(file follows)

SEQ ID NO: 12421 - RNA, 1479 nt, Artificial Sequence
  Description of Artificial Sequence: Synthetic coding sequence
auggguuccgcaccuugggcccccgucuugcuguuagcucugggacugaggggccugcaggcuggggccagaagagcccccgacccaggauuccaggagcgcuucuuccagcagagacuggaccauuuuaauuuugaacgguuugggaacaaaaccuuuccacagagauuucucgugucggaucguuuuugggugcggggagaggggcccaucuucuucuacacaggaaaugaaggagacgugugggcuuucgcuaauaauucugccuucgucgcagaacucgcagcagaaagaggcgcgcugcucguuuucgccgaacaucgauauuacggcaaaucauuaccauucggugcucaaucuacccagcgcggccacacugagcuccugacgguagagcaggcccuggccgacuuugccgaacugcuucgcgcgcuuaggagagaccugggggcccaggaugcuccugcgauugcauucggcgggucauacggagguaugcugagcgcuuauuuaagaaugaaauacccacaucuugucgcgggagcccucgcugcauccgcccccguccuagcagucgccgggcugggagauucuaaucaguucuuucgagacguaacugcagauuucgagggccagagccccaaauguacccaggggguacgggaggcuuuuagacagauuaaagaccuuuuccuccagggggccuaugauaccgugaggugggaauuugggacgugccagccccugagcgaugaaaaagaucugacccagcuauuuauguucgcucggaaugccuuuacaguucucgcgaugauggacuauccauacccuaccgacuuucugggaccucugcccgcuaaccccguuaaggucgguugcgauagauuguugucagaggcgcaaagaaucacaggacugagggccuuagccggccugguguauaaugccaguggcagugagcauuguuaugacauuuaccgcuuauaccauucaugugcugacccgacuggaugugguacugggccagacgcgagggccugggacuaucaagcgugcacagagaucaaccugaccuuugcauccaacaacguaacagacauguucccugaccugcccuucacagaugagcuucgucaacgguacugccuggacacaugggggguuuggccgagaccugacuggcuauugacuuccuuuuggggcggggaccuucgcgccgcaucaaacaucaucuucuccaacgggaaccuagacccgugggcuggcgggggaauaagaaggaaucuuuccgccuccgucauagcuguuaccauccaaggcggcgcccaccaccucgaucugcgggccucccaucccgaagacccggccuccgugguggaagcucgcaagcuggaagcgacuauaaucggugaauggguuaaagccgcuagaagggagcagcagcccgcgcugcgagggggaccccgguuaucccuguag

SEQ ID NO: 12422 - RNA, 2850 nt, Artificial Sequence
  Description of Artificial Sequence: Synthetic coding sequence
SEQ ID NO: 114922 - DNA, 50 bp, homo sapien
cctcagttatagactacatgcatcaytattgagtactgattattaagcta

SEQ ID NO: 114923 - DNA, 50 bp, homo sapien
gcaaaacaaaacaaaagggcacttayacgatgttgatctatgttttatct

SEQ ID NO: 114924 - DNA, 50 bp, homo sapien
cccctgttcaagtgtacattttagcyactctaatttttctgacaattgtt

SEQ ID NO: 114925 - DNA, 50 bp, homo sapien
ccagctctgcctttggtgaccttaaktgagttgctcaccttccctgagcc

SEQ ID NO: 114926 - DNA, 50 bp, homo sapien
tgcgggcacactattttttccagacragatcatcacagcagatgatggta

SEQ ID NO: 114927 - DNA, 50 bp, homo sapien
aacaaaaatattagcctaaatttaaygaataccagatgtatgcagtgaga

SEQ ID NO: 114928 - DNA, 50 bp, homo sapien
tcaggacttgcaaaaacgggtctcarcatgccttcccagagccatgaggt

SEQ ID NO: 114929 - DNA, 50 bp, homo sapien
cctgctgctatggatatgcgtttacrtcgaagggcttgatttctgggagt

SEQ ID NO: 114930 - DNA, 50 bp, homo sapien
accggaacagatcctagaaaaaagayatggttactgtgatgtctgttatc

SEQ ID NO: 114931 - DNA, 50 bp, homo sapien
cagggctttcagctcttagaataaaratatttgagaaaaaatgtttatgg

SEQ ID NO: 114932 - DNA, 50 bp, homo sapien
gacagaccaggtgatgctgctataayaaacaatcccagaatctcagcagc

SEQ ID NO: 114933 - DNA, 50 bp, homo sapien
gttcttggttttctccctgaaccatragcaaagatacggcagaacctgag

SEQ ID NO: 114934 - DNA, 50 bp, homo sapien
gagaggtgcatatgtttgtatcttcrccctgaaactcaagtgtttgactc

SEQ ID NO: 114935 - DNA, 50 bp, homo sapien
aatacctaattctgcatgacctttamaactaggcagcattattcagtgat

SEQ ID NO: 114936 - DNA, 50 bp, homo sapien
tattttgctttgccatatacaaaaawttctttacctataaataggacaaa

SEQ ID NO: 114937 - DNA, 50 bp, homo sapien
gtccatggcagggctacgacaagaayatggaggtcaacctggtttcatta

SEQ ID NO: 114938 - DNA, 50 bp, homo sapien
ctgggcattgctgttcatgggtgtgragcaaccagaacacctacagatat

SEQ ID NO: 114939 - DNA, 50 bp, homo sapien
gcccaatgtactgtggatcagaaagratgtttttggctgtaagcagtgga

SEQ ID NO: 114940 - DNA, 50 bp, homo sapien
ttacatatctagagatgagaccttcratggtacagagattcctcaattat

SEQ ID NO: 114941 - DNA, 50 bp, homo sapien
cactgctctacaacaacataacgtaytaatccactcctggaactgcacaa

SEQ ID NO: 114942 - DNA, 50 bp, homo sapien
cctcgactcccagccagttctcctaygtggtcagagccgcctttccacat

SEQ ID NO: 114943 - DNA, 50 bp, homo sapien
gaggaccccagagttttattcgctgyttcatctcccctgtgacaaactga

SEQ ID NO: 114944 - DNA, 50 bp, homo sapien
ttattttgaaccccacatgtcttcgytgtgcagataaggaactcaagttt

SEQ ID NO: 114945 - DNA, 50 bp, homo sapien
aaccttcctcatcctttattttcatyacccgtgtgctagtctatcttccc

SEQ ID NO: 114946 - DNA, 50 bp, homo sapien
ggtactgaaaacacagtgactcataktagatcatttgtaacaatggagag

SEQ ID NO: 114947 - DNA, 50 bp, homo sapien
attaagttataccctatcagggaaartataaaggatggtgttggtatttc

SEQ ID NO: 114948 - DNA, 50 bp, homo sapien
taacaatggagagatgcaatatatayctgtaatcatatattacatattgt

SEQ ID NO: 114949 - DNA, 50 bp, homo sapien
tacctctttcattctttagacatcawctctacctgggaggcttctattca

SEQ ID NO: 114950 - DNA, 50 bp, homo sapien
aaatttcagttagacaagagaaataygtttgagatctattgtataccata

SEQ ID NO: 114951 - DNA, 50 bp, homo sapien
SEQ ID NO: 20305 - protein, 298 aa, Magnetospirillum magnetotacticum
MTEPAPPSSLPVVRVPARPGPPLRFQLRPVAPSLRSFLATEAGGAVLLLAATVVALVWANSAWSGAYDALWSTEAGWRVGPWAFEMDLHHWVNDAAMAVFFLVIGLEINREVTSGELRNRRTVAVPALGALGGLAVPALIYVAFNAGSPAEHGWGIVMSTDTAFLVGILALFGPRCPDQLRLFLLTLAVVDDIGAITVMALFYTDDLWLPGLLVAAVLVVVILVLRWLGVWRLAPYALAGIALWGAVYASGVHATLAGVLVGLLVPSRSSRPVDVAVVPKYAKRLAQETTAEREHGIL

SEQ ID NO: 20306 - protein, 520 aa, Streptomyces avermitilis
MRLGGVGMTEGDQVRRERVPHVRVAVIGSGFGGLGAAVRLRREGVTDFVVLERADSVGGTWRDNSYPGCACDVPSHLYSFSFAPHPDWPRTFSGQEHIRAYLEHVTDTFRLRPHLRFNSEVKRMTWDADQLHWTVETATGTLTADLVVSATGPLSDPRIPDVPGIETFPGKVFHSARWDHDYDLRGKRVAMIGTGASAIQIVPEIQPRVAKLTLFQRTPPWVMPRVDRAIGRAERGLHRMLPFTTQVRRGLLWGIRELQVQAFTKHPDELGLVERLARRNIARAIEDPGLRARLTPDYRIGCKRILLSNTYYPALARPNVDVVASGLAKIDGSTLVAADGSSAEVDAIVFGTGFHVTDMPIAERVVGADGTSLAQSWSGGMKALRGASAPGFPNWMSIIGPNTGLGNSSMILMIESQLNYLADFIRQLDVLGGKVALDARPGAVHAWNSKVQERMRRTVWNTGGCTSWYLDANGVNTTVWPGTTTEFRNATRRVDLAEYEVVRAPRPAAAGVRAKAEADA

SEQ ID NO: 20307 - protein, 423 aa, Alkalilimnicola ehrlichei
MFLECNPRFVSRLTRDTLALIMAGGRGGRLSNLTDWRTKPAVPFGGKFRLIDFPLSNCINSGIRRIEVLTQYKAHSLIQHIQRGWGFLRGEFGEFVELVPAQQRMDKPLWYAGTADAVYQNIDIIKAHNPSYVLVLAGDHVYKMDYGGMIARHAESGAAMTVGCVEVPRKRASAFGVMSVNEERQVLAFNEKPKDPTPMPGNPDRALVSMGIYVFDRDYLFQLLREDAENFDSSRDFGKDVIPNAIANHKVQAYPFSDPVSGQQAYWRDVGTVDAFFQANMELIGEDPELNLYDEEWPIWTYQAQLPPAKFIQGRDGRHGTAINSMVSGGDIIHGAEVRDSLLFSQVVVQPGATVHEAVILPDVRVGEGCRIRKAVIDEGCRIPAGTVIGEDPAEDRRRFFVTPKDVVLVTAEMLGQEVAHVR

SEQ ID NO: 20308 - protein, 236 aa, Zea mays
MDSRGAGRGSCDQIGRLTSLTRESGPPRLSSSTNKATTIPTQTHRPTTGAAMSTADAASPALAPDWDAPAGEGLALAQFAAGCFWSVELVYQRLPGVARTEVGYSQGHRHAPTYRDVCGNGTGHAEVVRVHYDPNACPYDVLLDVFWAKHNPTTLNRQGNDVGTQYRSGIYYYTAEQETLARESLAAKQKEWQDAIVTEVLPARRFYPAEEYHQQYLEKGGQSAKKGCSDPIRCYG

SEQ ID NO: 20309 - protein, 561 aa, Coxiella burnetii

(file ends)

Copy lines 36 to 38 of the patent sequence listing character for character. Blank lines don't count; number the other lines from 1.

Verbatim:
SEQ ID NO: 114937 - DNA, 50 bp, homo sapien
gtccatggcagggctacgacaagaayatggaggtcaacctggtttcatta

SEQ ID NO: 114938 - DNA, 50 bp, homo sapien